School Disruption -- Nonviolent and Violent

A description of different types of disruptions, both nonviolent and violent, that can occur within any school setting.
9 |
10 |
11 |
Updated on: September 17, 2001
Page 2 of 2

Violent Disruptions

Riots can severely affect the operation of a school. When rioting begins near a school, there is always a concern for the welfare of students. Some critical questions deserve attention. Should the school dismiss and possibly endanger students either on their way home or by going to see what is transpiring? Is there a way to provide safe exit for students? What if the rioting gets close to the school? Because riots can last many hours, what happens to students if riots last longer than school time? The looting that often accompanies rioting also has serious ramifications to the community. And when a school reopens after a riot, it has to deal with student fears and concerns.

Occasionally, a student is kidnapped. Often times, the kidnapper is a relative, usually a parent, who was not granted custody of the child or children. Hostage situations can be deadly with long-lasting effects. Bomb threats have disrupted schools in the past. Sometimes students call in bomb threats as a prank or to get out of tests but threats also increase when a bombing has occurred.

Child abuse can certainly be a disruptive influence. Physical or emotional abuse cuts across socioeconomic and ethnic backgrounds and happens all too frequently. Almost daily it seems, the popular media report children being severely injured or killed. Others are sexually abused, and although more sexual abuse happens to females, it also happens to boys. Abuse can lead to poor impulse control, poor attention span, poor grades, violence, and physical aggression.

Gang-related activities disrupt school whether they occur on school grounds or away from school property. In neighborhoods controlled by gangs, children still have to walk to school and may be accosted for money, hassled to purchase drugs, or threatened with physical violence. Affected students may come to school agitated and have difficulty learning. Initiation rights of gangs may include violence within the school. Initiates may be required to assault other youth, steal, sell drugs, or even rape. All of these activities are extremely disruptive and can lead to disaster and death.

Violent acts are occurring in schools with more frequency. A major disruption in schools today relates to weapons which is why one can only enter some schools by going through a metal detector. Other items, daily used as weapons in schools, include pen guns, pen knives, belts, and brass knuckles.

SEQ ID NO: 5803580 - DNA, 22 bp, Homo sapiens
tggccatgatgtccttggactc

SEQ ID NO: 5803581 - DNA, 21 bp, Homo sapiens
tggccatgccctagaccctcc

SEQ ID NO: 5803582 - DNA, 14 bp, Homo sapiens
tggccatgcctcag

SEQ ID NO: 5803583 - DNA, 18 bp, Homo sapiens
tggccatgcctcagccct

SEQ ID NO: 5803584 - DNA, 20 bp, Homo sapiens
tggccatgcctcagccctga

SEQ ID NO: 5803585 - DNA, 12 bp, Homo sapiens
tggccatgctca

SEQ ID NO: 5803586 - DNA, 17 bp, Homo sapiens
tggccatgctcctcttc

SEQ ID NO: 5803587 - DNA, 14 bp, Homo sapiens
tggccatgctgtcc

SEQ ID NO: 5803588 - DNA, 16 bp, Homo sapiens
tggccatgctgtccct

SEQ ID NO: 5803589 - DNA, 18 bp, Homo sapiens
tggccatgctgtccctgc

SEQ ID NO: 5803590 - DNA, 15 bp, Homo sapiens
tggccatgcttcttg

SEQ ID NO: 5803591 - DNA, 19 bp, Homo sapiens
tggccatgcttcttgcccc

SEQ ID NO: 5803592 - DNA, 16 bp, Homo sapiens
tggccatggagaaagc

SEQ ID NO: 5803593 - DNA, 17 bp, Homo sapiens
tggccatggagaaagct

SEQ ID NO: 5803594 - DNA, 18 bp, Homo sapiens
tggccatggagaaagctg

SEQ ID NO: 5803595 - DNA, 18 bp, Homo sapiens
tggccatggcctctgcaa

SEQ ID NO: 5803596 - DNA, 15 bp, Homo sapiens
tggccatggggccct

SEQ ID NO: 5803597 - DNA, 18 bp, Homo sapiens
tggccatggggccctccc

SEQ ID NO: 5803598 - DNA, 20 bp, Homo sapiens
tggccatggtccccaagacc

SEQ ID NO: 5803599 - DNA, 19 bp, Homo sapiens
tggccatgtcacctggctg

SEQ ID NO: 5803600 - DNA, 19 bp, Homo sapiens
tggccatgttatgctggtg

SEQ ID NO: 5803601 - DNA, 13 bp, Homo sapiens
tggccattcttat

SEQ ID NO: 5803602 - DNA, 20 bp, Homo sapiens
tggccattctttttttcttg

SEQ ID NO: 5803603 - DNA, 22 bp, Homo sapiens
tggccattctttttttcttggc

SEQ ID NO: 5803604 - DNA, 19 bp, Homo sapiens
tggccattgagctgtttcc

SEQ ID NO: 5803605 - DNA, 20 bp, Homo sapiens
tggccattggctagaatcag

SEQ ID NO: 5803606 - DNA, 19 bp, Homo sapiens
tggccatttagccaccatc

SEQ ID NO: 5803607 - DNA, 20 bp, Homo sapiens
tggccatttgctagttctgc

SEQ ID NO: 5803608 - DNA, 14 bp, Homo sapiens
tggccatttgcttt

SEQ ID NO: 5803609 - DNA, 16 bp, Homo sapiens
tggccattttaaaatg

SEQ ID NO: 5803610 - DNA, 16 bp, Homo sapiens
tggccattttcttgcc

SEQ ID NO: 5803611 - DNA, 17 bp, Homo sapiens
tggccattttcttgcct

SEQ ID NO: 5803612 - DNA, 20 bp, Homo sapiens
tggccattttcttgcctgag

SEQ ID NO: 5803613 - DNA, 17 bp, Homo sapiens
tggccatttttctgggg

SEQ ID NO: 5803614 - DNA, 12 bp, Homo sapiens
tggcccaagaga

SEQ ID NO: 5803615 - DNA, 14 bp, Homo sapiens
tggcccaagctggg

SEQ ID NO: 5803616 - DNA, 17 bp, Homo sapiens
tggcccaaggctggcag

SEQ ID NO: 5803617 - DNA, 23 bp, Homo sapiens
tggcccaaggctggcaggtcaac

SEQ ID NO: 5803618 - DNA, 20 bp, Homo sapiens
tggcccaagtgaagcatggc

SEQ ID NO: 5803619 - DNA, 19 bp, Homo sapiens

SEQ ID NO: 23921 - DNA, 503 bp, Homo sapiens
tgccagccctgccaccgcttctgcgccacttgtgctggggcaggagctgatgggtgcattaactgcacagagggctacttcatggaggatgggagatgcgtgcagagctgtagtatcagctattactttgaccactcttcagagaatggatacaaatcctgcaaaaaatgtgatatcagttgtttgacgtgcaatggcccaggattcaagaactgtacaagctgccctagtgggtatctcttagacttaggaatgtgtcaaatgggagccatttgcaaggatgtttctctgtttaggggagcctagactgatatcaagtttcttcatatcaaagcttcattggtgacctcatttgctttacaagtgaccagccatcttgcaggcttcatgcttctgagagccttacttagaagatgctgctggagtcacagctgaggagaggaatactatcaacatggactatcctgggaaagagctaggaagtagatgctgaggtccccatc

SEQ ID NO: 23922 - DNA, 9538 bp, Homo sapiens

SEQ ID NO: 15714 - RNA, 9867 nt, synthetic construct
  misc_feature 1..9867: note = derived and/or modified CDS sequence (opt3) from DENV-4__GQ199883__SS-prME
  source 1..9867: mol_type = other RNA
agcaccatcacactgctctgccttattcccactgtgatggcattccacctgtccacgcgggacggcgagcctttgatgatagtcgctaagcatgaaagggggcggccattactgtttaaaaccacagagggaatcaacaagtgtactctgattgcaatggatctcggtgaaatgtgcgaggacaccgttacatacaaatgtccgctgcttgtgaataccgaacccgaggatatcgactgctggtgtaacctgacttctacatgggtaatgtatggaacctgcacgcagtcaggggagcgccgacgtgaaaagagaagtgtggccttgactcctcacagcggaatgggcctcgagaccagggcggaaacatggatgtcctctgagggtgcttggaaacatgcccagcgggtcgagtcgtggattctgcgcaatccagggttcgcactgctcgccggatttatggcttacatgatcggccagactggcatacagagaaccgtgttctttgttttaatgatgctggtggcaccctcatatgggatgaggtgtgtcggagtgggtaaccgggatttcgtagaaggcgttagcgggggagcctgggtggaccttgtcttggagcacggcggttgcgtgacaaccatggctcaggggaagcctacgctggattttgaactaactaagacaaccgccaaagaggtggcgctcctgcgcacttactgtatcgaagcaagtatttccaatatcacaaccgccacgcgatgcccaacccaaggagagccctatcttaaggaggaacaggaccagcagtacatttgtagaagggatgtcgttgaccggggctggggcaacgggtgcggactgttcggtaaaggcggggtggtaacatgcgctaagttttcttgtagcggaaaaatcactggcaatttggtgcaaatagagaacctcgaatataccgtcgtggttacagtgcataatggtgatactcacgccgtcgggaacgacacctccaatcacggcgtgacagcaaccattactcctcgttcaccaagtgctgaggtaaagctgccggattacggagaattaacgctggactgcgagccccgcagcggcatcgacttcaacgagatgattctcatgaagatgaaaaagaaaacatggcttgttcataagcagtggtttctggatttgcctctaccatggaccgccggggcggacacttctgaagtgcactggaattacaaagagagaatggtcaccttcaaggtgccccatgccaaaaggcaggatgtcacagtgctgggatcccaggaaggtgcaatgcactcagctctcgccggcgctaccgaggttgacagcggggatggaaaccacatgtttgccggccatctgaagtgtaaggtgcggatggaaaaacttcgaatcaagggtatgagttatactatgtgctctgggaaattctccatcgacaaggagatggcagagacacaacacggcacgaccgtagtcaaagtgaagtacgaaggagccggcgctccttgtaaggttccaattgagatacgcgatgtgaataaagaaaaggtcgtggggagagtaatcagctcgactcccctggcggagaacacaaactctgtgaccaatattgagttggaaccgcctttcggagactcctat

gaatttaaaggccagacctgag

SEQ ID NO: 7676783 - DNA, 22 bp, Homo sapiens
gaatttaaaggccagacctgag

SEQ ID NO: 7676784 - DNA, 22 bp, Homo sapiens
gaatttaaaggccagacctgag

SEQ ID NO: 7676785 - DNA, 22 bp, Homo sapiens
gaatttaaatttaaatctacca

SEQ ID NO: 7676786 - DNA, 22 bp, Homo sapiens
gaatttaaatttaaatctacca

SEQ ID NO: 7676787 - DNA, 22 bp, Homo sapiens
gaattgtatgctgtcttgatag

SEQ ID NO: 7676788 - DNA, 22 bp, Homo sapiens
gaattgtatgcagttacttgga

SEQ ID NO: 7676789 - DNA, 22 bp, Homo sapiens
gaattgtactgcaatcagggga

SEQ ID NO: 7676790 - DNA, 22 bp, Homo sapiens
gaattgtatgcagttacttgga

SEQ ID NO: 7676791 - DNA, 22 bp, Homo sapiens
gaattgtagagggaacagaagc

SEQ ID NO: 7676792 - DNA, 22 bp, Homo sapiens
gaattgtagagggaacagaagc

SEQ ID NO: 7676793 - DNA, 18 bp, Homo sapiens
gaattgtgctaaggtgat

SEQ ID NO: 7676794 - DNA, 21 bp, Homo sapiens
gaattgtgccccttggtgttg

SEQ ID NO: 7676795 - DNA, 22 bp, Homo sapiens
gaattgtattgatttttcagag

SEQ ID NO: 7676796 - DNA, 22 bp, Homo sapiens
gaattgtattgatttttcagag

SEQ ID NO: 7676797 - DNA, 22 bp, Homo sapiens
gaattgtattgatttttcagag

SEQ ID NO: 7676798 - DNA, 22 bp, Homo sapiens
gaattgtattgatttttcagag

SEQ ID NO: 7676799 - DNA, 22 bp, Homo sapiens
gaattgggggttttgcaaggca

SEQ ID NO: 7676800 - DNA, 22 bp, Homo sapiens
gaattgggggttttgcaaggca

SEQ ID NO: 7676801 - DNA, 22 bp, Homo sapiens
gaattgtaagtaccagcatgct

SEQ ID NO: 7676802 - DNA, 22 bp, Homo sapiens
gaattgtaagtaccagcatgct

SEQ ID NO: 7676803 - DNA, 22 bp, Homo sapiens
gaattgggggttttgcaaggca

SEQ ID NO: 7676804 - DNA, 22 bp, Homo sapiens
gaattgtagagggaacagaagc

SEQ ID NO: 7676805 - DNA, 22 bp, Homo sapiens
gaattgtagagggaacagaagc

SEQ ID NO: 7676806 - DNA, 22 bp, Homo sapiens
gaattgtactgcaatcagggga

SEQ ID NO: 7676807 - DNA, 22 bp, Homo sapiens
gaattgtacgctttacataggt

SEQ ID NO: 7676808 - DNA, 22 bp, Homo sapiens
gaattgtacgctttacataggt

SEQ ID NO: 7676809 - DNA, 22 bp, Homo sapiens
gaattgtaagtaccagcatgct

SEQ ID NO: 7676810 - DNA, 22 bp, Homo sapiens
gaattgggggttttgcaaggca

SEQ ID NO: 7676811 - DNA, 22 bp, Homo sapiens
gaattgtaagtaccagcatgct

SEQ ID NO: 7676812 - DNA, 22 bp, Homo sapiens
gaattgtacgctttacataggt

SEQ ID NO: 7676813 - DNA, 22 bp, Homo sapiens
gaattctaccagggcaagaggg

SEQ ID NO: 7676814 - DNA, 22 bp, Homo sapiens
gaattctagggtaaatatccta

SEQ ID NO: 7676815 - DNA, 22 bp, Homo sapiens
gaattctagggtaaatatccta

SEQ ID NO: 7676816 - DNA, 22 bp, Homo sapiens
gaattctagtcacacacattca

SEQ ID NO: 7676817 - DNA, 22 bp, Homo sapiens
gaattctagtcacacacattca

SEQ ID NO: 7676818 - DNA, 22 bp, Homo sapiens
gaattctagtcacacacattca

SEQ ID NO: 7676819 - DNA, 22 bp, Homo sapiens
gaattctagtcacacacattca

Alcohol consumption occurs in children as young as five and one can readily find children of 9 or 10 using marijuana or alcohol. Approximately 57% of all high school students have used illicit drugs at least once. Drug dealing and selling on school grounds and within the buildings is a big business. Cellular phones make it convenient for students to arrange drug deals. General and special educators need to watch for strangers and older students hanging around school buildings as these could be drug pushers.

Other crises, related to behavior problems and physical aggression, occur in the school setting. These include cursing, grabbing one another, punching, slapping, teasing, threatening, harassing, intimidating, and bullying – and all detract from the learning environment. Usually, the perpetrator picks on a student who is more vulnerable and less able to defend against the attack or to fight back.

Aggressive acts are not limited to students. Emotionally out of control staff members also disrupt schools. Medical emergencies are sudden, unexpected occurrences that require immediate medical attention. Such emergencies disrupt class and nearly always disrupt an entire school. The health and welfare of the involved person(s) is of the utmost importance, especially if the condition is life threatening. In addition, unexpected deaths frequently cause disruptions. These may include the death of a students, employee, or prominent figure due to natural causes, illness, accidents, homicide, or suicide.

More on Helping Students Deal With Crises.

Excerpted from Disruption, Disaster, and Death: Helping Students Deal with Crises.